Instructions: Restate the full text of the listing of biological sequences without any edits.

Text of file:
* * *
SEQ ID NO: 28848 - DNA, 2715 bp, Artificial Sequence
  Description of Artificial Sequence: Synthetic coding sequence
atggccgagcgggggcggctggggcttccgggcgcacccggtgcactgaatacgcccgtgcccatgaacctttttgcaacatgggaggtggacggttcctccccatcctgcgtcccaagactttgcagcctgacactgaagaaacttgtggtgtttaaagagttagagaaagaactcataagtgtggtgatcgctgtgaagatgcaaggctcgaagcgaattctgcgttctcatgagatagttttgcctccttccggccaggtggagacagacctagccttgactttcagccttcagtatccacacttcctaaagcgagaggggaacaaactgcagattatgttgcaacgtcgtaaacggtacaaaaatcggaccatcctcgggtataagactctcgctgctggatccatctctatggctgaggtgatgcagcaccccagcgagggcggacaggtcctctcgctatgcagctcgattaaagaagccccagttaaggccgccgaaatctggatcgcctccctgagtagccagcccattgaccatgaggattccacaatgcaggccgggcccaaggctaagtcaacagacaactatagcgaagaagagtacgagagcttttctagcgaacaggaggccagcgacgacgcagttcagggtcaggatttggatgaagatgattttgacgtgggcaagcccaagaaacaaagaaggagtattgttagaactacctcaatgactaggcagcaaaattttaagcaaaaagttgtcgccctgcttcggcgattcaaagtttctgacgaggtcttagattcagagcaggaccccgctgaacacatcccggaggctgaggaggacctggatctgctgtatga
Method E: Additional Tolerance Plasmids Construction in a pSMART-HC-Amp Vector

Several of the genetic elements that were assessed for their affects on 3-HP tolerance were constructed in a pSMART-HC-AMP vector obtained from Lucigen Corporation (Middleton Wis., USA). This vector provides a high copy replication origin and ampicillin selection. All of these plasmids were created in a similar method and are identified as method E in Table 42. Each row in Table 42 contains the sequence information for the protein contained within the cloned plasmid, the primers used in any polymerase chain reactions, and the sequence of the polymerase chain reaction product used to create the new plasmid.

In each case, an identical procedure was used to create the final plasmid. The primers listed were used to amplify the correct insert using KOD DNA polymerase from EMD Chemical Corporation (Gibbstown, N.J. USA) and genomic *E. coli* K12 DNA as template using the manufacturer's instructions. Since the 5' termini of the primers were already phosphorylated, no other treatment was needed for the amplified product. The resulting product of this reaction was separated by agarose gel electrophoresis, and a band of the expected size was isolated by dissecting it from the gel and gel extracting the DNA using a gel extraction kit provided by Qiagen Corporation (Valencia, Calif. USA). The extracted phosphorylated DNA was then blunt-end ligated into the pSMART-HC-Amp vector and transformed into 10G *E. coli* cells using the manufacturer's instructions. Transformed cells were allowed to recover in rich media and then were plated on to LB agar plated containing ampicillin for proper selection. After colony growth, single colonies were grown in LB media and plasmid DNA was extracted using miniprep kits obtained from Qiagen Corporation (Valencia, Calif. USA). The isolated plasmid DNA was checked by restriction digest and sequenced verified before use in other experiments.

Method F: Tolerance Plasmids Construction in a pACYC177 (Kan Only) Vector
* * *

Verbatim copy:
SEQ ID NO: 28848 - DNA, 2715 bp, Artificial Sequence
  Description of Artificial Sequence: Synthetic coding sequence
atggccgagcgggggcggctggggcttccgggcgcacccggtgcactgaatacgcccgtgcccatgaacctttttgcaacatgggaggtggacggttcctccccatcctgcgtcccaagactttgcagcctgacactgaagaaacttgtggtgtttaaagagttagagaaagaactcataagtgtggtgatcgctgtgaagatgcaaggctcgaagcgaattctgcgttctcatgagatagttttgcctccttccggccaggtggagacagacctagccttgactttcagccttcagtatccacacttcctaaagcgagaggggaacaaactgcagattatgttgcaacgtcgtaaacggtacaaaaatcggaccatcctcgggtataagactctcgctgctggatccatctctatggctgaggtgatgcagcaccccagcgagggcggacaggtcctctcgctatgcagctcgattaaagaagccccagttaaggccgccgaaatctggatcgcctccctgagtagccagcccattgaccatgaggattccacaatgcaggccgggcccaaggctaagtcaacagacaactatagcgaagaagagtacgagagcttttctagcgaacaggaggccagcgacgacgcagttcagggtcaggatttggatgaagatgattttgacgtgggcaagcccaagaaacaaagaaggagtattgttagaactacctcaatgactaggcagcaaaattttaagcaaaaagttgtcgccctgcttcggcgattcaaagtttctgacgaggtcttagattcagagcaggaccccgctgaacacatcccggaggctgaggaggacctggatctgctgtatga
Method E: Additional Tolerance Plasmids Construction in a pSMART-HC-Amp Vector

Several of the genetic elements that were assessed for their affects on 3-HP tolerance were constructed in a pSMART-HC-AMP vector obtained from Lucigen Corporation (Middleton Wis., USA). This vector provides a high copy replication origin and ampicillin selection. All of these plasmids were created in a similar method and are identified as method E in Table 42. Each row in Table 42 contains the sequence information for the protein contained within the cloned plasmid, the primers used in any polymerase chain reactions, and the sequence of the polymerase chain reaction product used to create the new plasmid.

In each case, an identical procedure was used to create the final plasmid. The primers listed were used to amplify the correct insert using KOD DNA polymerase from EMD Chemical Corporation (Gibbstown, N.J. USA) and genomic *E. coli* K12 DNA as template using the manufacturer's instructions. Since the 5' termini of the primers were already phosphorylated, no other treatment was needed for the amplified product. The resulting product of this reaction was separated by agarose gel electrophoresis, and a band of the expected size was isolated by dissecting it from the gel and gel extracting the DNA using a gel extraction kit provided by Qiagen Corporation (Valencia, Calif. USA). The extracted phosphorylated DNA was then blunt-end ligated into the pSMART-HC-Amp vector and transformed into 10G *E. coli* cells using the manufacturer's instructions. Transformed cells were allowed to recover in rich media and then were plated on to LB agar plated containing ampicillin for proper selection. After colony growth, single colonies were grown in LB media and plasmid DNA was extracted using miniprep kits obtained from Qiagen Corporation (Valencia, Calif. USA). The isolated plasmid DNA was checked by restriction digest and sequenced verified before use in other experiments.

Method F: Tolerance Plasmids Construction in a pACYC177 (Kan Only) Vector